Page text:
flip-mode wrote:What are you going to be doing on Linux? If nothing intense, you may just consider either a cheap second machine, or just a virtual machine.
.config - Linux Kernel v2.6.29-gentoo-r2 Configuration
┌───────────────────── Asus Virtuoso 100/200 (Xonar) ─────────────────────┐
│ CONFIG_SND_VIRTUOSO: │
│ Say Y here to include support for sound cards based on the │
│ Asus AV100/AV200 chips, i.e., Xonar D1, DX, D2 and D2X. │
│ Support for the HDAV1.3 (Deluxe) is very experimental. │
│ To compile this driver as a module, choose M here: the module │
│ will be called snd-virtuoso. │
│ Symbol: SND_VIRTUOSO [=n] │
│ Prompt: Asus Virtuoso 100/200 (Xonar) │
│ Defined at sound/pci/Kconfig:742 │
│ Depends on: SOUND && !M68K && SND && SND_PCI │
│ Location: │
│ -> Device Drivers │
│ -> Sound card support (SOUND [=y]) │
│ -> Advanced Linux Sound Architecture (SND [=m]) │
│ -> PCI sound devices (SND_PCI [=y]) │
│ Selects: SND_OXYGEN_LIB │
│ < Exit > │
nwillettjeffries wrote:@gameboy: Thanks. I'll consider ATI then since they're basically in a dead heat with NVidia right now on performance. Out of curiosity, no one ever developed an open driver for nVidia? Is that because nVidia never cooperated with the community on this?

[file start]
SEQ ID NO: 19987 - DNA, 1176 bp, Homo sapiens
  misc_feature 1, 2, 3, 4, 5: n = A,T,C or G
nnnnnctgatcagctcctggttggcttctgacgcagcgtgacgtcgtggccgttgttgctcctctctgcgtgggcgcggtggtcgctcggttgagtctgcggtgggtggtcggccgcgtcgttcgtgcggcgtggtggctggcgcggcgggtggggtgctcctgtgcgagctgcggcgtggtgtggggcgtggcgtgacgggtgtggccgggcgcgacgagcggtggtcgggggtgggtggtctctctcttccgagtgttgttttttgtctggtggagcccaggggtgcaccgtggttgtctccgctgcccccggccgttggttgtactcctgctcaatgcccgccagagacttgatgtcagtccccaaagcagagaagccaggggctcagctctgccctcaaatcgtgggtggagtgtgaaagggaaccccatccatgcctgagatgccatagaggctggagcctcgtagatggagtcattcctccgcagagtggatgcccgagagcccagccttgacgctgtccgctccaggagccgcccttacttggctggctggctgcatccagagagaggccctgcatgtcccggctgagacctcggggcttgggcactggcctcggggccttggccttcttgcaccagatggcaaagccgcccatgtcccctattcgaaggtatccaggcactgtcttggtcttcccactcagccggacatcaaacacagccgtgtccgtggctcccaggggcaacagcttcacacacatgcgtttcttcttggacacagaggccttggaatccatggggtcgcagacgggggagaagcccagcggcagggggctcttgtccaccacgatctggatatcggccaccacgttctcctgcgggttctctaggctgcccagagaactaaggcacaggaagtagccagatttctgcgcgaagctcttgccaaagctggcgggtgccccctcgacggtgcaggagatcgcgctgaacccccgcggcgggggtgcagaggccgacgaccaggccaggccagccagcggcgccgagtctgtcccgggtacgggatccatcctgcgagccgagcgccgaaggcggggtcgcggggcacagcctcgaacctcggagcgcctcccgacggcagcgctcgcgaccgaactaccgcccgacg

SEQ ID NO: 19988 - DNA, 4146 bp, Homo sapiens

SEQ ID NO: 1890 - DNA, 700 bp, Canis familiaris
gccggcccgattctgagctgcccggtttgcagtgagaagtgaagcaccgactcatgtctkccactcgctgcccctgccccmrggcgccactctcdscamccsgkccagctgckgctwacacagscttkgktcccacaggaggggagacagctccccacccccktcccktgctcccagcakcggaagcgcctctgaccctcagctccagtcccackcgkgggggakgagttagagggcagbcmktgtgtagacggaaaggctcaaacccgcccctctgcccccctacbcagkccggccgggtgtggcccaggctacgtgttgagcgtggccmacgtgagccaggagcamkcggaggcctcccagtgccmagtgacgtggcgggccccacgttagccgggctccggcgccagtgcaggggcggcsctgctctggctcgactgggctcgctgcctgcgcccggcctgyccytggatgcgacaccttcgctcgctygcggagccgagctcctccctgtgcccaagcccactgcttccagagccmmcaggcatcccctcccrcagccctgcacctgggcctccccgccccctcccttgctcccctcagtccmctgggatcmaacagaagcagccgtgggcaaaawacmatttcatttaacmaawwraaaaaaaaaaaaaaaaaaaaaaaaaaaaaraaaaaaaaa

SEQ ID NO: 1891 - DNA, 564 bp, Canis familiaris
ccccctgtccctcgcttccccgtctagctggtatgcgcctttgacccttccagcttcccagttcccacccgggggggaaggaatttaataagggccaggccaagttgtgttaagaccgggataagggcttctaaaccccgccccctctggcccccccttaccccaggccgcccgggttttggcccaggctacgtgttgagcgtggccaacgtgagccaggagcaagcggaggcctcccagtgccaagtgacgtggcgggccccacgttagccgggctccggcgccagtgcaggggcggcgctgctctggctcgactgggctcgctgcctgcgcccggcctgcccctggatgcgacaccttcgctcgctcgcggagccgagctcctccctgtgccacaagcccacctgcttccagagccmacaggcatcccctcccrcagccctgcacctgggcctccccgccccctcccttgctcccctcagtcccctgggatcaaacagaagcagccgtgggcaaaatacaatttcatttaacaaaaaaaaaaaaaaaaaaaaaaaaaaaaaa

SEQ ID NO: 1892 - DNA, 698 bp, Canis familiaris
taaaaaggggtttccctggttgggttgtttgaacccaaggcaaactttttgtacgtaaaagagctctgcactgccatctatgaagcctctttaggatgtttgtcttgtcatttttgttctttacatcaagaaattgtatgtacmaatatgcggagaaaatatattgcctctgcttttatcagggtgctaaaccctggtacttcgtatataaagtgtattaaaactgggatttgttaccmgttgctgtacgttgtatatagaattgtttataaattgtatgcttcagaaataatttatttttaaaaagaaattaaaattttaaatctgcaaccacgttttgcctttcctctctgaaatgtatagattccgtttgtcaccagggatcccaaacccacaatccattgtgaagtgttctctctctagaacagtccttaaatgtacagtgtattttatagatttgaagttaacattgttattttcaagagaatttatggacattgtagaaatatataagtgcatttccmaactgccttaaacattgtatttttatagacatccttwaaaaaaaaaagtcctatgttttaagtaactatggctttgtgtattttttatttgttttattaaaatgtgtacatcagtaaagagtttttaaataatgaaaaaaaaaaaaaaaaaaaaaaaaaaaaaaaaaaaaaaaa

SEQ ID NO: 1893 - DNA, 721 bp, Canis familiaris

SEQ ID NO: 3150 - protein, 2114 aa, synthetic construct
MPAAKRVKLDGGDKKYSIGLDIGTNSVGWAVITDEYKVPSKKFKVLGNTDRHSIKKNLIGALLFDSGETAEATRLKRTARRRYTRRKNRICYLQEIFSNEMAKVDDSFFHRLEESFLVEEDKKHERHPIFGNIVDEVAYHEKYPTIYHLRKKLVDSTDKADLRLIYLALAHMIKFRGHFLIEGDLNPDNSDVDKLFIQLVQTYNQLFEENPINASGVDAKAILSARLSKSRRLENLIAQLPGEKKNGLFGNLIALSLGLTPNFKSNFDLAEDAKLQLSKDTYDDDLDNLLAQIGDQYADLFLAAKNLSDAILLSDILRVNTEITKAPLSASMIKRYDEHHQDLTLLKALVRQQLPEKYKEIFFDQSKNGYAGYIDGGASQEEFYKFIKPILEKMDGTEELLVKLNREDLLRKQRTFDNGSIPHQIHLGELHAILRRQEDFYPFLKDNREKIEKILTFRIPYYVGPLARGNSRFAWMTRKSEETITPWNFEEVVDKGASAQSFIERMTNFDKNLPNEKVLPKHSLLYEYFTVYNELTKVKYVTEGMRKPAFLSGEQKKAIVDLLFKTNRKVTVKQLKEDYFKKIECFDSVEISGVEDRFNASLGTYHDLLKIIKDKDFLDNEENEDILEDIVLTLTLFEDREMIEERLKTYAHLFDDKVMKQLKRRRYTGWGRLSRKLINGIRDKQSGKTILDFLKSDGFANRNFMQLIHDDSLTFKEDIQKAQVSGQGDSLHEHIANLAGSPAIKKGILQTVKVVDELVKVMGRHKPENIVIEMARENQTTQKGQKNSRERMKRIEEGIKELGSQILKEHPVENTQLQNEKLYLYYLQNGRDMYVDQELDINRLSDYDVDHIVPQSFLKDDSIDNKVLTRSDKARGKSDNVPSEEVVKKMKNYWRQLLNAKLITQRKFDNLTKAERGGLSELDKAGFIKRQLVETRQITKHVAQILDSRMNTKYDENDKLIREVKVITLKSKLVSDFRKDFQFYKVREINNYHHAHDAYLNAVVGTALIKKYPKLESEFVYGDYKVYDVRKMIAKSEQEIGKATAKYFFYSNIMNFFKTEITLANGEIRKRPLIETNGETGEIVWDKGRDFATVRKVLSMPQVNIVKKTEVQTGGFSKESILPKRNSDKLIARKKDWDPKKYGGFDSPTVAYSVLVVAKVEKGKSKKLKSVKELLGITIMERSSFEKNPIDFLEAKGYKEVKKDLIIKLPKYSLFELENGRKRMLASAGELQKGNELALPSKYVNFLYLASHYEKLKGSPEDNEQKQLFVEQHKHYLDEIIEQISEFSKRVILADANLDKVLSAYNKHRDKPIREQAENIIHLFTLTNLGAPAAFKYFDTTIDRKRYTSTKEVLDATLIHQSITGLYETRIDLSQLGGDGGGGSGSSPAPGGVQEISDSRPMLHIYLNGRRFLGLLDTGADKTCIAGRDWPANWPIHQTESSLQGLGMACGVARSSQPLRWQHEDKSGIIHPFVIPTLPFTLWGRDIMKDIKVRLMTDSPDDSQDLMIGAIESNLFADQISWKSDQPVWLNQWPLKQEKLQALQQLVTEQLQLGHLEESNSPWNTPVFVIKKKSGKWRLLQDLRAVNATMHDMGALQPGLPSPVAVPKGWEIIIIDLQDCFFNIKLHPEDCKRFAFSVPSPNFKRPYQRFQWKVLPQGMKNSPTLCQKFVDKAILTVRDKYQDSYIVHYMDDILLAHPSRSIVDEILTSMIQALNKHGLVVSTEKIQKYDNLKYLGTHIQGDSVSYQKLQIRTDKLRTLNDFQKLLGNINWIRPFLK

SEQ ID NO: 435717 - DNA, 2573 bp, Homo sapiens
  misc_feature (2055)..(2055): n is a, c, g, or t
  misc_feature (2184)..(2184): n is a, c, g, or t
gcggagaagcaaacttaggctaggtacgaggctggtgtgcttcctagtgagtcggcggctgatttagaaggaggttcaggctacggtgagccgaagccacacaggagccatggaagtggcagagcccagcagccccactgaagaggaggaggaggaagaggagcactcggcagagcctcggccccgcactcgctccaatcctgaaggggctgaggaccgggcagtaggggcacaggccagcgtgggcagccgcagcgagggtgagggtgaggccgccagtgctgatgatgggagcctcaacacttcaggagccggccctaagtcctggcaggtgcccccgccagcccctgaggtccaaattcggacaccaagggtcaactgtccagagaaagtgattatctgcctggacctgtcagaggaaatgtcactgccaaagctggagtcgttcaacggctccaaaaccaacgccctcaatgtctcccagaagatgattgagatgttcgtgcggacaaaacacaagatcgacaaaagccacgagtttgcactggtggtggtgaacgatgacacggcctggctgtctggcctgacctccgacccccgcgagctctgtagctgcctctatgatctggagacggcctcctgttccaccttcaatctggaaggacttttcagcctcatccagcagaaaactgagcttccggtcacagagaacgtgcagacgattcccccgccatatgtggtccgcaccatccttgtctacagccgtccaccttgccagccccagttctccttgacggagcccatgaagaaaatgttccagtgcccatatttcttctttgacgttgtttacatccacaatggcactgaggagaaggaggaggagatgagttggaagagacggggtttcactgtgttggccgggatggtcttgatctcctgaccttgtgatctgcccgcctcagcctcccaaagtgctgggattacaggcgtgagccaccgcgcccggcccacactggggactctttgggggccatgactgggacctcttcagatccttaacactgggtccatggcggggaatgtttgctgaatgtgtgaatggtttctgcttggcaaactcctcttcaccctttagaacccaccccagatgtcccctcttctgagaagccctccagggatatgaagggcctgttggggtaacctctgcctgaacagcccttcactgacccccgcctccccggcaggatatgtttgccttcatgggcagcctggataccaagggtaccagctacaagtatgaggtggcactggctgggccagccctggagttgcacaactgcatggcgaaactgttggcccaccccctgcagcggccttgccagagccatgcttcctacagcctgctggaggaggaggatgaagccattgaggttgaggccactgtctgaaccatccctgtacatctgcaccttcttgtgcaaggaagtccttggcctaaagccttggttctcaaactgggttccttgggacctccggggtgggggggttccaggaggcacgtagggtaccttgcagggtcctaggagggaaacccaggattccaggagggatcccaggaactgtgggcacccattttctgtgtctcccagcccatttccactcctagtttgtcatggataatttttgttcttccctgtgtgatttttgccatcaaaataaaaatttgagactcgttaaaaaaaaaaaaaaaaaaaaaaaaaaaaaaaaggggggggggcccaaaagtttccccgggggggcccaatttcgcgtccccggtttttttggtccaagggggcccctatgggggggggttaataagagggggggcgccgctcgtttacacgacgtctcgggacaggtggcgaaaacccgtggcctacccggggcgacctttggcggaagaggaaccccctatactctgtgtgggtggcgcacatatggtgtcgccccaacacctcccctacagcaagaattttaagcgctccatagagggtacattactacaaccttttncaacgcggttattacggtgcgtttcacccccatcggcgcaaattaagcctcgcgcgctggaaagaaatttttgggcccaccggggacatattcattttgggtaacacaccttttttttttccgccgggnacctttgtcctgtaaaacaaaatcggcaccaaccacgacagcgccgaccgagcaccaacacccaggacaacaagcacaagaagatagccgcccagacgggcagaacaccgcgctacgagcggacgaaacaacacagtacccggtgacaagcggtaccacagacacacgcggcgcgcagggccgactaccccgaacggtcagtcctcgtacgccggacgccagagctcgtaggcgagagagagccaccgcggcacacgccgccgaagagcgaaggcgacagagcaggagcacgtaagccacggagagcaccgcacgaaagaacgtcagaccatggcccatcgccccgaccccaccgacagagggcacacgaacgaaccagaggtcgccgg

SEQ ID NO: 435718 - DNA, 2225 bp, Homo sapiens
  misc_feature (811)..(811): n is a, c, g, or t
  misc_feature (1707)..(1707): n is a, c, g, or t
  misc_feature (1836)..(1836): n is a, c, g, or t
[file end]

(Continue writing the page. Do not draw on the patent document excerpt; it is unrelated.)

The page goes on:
@just brew it: It's true that Crunchbang is good on low spec systems and this obviously isn't going to be a low spec box. My reasons for using Crunchbang ahead of Ubuntu or Mint (or SuSE, Fedora, whatever) is just personal preference. I prefer openbox to gnome and I also like how crunchbang exposes me to a little bit more of the nitty gritty elements of the OS than ubuntu does. It forces me to learn a little.
The way it'll probably break down is that the windows end will be almost purely for gaming. I tend to do pretty much everything else in linux.
notfred wrote:What's the Ethernet chip on that motherboard, an RTL-8111 or similar? Old distros may need the driver from Realtek if it is but anything recent should handle it OK.
CasbahBoy wrote:How well your chosen distro will auto-detect the hardware and how far back kernel support for that hardware goes remains to be seen; 2.6.29 is bleeding edge and I haven't needed to look over the kernel's list of sound card drivers for well over a year.
nwillettjeffries wrote:Also has anyone tried Blu-Ray/HD-DVD players on linux? I know that the encryption is touch and go right now and honestly I'm not that interested in video playback of Blu-Ray/HD-DVD under linux. I can do that on Windows instead. But any BR/HD-DVD drive that I get will double as a cd/dvd drive on the linux side and I need to know if it will work as such. Maybe it would just be easier to run a standard dvd drive and forget about HD content entirely...
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